So I made my first ever homebrew ale yesterday, transferred it to my fermentation bin and pitched the yeast.

After 24 hours at the recommended temperature there is a nice thick layer of krausen on top and if I listen carefully I can here very, very quiet bubbling within the container, but the airlock is barely bubbling at all. Tiny bubbles sit in the airlock but don't move.

Do I need to pitch more yeast or is this normal behaviour?

Anymore info required please ask.

On a side note, I have scoured the internet and read two books, but nowhere can I find if I should have removed hops prior to fermentation, so I left them in, is this okay/normal?

Thanks in advance

1 Answer 1


If you didn't pitch yeast from an actively fermenting starter, 24 hours is a perfectly reasonable lag time. But if you really are seeing a thick kräusen atop your beer, it sounds like there's just a leak around the airlock. What are you fermenting in? A bucket with a lid gives plenty of opportunity for leaks around the edges. I'd be more concerned if it were a carboy.

With fermentation, the real thing you have to remember is to just be patient. If there's visible activity (heck, if you can hear it), it's fine. Just keep it at the proper temperature and let it do its thing. Double check for air-tightness of your fermenting container.

Regarding the hops, I prefer to leave them behind. Best way is to whirlpool and let it settle so it forms a mass in the middle of the bottom that you can rack around. It's not going to kill your fermentation to have hops in it, but it could make it pretty messy to clean. Plus you'll just have to wait for them to settle out after fermentation anyway, which may add unnecessary extra time in the fermenter.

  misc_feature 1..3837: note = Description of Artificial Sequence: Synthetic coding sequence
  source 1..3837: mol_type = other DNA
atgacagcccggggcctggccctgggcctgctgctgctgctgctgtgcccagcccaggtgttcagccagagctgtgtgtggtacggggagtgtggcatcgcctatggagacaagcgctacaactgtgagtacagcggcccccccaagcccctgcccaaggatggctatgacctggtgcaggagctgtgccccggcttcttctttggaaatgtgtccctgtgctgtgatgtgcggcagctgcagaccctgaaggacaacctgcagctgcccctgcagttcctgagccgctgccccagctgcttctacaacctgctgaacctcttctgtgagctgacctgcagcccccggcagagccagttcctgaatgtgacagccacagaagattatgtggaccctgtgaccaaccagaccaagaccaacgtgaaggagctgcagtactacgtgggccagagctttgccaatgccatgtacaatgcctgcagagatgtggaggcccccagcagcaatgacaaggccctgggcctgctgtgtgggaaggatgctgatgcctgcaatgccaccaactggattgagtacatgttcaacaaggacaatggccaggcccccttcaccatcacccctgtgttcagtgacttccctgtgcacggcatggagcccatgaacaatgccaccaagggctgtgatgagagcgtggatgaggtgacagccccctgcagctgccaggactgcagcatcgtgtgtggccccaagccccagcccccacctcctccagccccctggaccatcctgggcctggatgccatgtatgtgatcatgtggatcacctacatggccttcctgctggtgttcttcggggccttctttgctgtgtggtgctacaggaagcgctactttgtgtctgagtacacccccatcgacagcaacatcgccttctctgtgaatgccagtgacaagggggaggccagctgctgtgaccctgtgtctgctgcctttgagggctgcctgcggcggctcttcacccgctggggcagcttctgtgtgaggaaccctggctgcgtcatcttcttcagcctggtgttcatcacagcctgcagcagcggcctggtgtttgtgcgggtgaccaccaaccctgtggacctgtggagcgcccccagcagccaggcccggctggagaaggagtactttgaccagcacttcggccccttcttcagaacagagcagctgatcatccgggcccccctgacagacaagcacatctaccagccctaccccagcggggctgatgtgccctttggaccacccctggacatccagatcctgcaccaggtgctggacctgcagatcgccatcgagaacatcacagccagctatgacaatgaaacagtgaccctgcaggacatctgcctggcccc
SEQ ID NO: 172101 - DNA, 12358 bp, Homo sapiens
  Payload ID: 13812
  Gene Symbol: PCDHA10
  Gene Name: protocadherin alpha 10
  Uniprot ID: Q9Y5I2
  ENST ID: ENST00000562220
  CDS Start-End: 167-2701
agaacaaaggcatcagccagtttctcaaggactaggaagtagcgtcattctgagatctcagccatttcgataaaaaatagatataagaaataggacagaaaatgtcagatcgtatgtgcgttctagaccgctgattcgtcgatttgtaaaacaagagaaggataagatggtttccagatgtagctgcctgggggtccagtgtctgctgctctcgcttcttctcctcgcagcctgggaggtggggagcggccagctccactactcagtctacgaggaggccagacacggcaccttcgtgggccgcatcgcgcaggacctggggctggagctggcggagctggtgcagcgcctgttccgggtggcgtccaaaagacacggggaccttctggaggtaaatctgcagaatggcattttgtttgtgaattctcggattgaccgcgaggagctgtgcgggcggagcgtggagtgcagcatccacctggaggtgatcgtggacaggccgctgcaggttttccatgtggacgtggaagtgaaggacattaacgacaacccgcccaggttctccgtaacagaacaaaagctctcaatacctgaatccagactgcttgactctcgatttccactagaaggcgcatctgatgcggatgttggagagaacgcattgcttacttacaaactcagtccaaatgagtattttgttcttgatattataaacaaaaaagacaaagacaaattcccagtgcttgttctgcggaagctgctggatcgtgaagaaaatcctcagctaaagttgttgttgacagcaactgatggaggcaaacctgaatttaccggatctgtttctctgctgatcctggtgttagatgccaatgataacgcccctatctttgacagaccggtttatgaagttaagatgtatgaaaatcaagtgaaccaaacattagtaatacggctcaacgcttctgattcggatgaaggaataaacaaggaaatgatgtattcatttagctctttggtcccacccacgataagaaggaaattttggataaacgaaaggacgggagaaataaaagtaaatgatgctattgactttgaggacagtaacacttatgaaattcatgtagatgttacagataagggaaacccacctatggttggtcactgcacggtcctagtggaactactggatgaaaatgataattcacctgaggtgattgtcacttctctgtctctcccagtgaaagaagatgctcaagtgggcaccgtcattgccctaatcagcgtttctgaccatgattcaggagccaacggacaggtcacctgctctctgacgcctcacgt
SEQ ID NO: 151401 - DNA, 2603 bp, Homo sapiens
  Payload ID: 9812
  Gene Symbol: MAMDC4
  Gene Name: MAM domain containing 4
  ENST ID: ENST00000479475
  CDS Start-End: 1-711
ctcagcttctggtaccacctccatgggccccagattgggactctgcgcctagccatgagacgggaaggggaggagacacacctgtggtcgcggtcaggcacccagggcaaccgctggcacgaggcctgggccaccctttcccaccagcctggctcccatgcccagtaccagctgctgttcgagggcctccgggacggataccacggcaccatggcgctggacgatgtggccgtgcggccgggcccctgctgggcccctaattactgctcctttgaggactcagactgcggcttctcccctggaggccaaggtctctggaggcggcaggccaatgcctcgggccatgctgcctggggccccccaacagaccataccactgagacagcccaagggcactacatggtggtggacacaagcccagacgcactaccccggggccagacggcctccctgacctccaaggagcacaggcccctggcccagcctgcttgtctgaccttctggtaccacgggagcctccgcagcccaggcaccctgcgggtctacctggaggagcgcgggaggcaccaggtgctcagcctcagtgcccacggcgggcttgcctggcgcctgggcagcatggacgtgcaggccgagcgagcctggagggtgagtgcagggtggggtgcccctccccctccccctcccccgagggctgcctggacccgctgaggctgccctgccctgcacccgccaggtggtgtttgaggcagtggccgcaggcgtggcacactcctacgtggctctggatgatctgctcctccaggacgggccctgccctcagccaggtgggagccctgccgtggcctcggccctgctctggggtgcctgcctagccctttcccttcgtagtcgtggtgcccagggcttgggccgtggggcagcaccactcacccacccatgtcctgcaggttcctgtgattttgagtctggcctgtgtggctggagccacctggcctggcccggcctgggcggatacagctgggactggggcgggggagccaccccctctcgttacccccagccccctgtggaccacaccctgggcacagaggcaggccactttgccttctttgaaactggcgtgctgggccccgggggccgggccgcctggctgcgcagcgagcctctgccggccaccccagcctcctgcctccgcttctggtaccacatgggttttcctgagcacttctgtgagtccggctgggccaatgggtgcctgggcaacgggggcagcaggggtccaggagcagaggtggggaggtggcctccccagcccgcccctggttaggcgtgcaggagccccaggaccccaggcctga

• Excellent answer thankyou! Yes it is being fermented in a plastic bucket with a lid. Just tried pressing down on the lid slightly, lots of bubbles came through airlock, but also a lot leaked out from around the lid, so I assume it is a slightly leaky lid. And just to clarify, you would recommend leaving the hops behind as much as possible in the boiling pot (next time) ?
    – Simon
    Commented Feb 2, 2015 at 17:52
  • I definitely would. It's a good habit to get into and you'll thank yourself in the future when you are pouring them out of your kettle rather than scrubbing dried hop-yeast-protein scum off your fermenters. Commented Feb 2, 2015 at 18:00
  • 1
    @Simon if you like the answer, you should up-vote it. That's how the Stack Exchange model work. Commented Feb 2, 2015 at 19:30
  • 1
    Not enough reputation to upvote yet sorry
    – Simon
    Commented Feb 2, 2015 at 19:33
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    Re. The Krausen. If you can see evidence of fermentation, then all is well. My first few batches I had no airlock activity, but saw evidence of krausen. They turned out fine. As it turns out, that bucket just won't seal right, but every brew in there turns out great.
    – CDspace
    Commented Feb 6, 2015 at 6:28

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